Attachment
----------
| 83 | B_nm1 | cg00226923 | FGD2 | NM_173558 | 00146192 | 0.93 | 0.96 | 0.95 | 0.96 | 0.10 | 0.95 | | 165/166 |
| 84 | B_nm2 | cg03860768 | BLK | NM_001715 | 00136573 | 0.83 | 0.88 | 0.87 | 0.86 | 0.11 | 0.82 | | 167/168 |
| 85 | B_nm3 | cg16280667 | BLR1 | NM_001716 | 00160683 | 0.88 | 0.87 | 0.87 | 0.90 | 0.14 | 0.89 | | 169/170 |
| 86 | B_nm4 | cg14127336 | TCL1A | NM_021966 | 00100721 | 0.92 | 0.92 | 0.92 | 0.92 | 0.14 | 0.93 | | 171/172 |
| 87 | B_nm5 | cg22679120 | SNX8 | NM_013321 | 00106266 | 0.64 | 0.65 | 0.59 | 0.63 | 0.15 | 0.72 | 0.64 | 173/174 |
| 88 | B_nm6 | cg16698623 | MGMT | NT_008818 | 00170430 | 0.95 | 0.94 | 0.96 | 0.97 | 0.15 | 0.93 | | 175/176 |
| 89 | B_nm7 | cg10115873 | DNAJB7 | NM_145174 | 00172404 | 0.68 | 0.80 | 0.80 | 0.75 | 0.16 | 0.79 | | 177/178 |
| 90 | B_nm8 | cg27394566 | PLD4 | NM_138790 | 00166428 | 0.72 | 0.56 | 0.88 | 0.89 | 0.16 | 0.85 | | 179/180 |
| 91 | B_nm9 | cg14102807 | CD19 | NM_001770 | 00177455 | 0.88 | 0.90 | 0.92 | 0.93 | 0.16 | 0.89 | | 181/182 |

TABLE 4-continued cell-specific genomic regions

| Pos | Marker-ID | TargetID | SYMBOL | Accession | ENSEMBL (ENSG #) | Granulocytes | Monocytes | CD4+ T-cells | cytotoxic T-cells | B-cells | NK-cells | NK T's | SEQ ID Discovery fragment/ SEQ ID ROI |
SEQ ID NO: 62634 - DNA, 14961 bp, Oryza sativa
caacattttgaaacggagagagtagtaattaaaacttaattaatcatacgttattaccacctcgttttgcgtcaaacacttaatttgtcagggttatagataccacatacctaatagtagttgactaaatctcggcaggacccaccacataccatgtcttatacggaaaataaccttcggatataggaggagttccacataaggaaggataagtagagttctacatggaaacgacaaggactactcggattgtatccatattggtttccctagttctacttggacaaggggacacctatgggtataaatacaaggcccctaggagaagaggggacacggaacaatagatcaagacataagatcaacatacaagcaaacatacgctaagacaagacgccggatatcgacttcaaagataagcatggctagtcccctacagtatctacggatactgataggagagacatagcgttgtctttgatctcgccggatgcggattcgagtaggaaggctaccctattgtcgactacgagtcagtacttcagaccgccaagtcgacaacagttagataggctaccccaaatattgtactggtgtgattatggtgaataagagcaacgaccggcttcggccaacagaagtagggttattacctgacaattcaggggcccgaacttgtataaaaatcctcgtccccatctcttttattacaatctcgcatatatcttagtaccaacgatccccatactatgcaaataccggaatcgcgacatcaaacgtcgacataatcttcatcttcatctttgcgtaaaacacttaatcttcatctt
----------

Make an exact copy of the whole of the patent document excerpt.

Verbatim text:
| 83 | B_nm1 | cg00226923 | FGD2 | NM_173558 | 00146192 | 0.93 | 0.96 | 0.95 | 0.96 | 0.10 | 0.95 | | 165/166 |
| 84 | B_nm2 | cg03860768 | BLK | NM_001715 | 00136573 | 0.83 | 0.88 | 0.87 | 0.86 | 0.11 | 0.82 | | 167/168 |
| 85 | B_nm3 | cg16280667 | BLR1 | NM_001716 | 00160683 | 0.88 | 0.87 | 0.87 | 0.90 | 0.14 | 0.89 | | 169/170 |
| 86 | B_nm4 | cg14127336 | TCL1A | NM_021966 | 00100721 | 0.92 | 0.92 | 0.92 | 0.92 | 0.14 | 0.93 | | 171/172 |
| 87 | B_nm5 | cg22679120 | SNX8 | NM_013321 | 00106266 | 0.64 | 0.65 | 0.59 | 0.63 | 0.15 | 0.72 | 0.64 | 173/174 |
| 88 | B_nm6 | cg16698623 | MGMT | NT_008818 | 00170430 | 0.95 | 0.94 | 0.96 | 0.97 | 0.15 | 0.93 | | 175/176 |
| 89 | B_nm7 | cg10115873 | DNAJB7 | NM_145174 | 00172404 | 0.68 | 0.80 | 0.80 | 0.75 | 0.16 | 0.79 | | 177/178 |
| 90 | B_nm8 | cg27394566 | PLD4 | NM_138790 | 00166428 | 0.72 | 0.56 | 0.88 | 0.89 | 0.16 | 0.85 | | 179/180 |
| 91 | B_nm9 | cg14102807 | CD19 | NM_001770 | 00177455 | 0.88 | 0.90 | 0.92 | 0.93 | 0.16 | 0.89 | | 181/182 |

TABLE 4-continued cell-specific genomic regions

| Pos | Marker-ID | TargetID | SYMBOL | Accession | ENSEMBL (ENSG #) | Granulocytes | Monocytes | CD4+ T-cells | cytotoxic T-cells | B-cells | NK-cells | NK T's | SEQ ID Discovery fragment/ SEQ ID ROI |
SEQ ID NO: 62634 - DNA, 14961 bp, Oryza sativa
caacattttgaaacggagagagtagtaattaaaacttaattaatcatacgttattaccacctcgttttgcgtcaaacacttaatttgtcagggttatagataccacatacctaatagtagttgactaaatctcggcaggacccaccacataccatgtcttatacggaaaataaccttcggatataggaggagttccacataaggaaggataagtagagttctacatggaaacgacaaggactactcggattgtatccatattggtttccctagttctacttggacaaggggacacctatgggtataaatacaaggcccctaggagaagaggggacacggaacaatagatcaagacataagatcaacatacaagcaaacatacgctaagacaagacgccggatatcgacttcaaagataagcatggctagtcccctacagtatctacggatactgataggagagacatagcgttgtctttgatctcgccggatgcggattcgagtaggaaggctaccctattgtcgactacgagtcagtacttcagaccgccaagtcgacaacagttagataggctaccccaaatattgtactggtgtgattatggtgaataagagcaacgaccggcttcggccaacagaagtagggttattacctgacaattcaggggcccgaacttgtataaaaatcctcgtccccatctcttttattacaatctcgcatatatcttagtaccaacgatccccatactatgcaaataccggaatcgcgacatcaaacgtcgacataatcttcatcttcatctttgcgtaaaacacttaatcttcatctt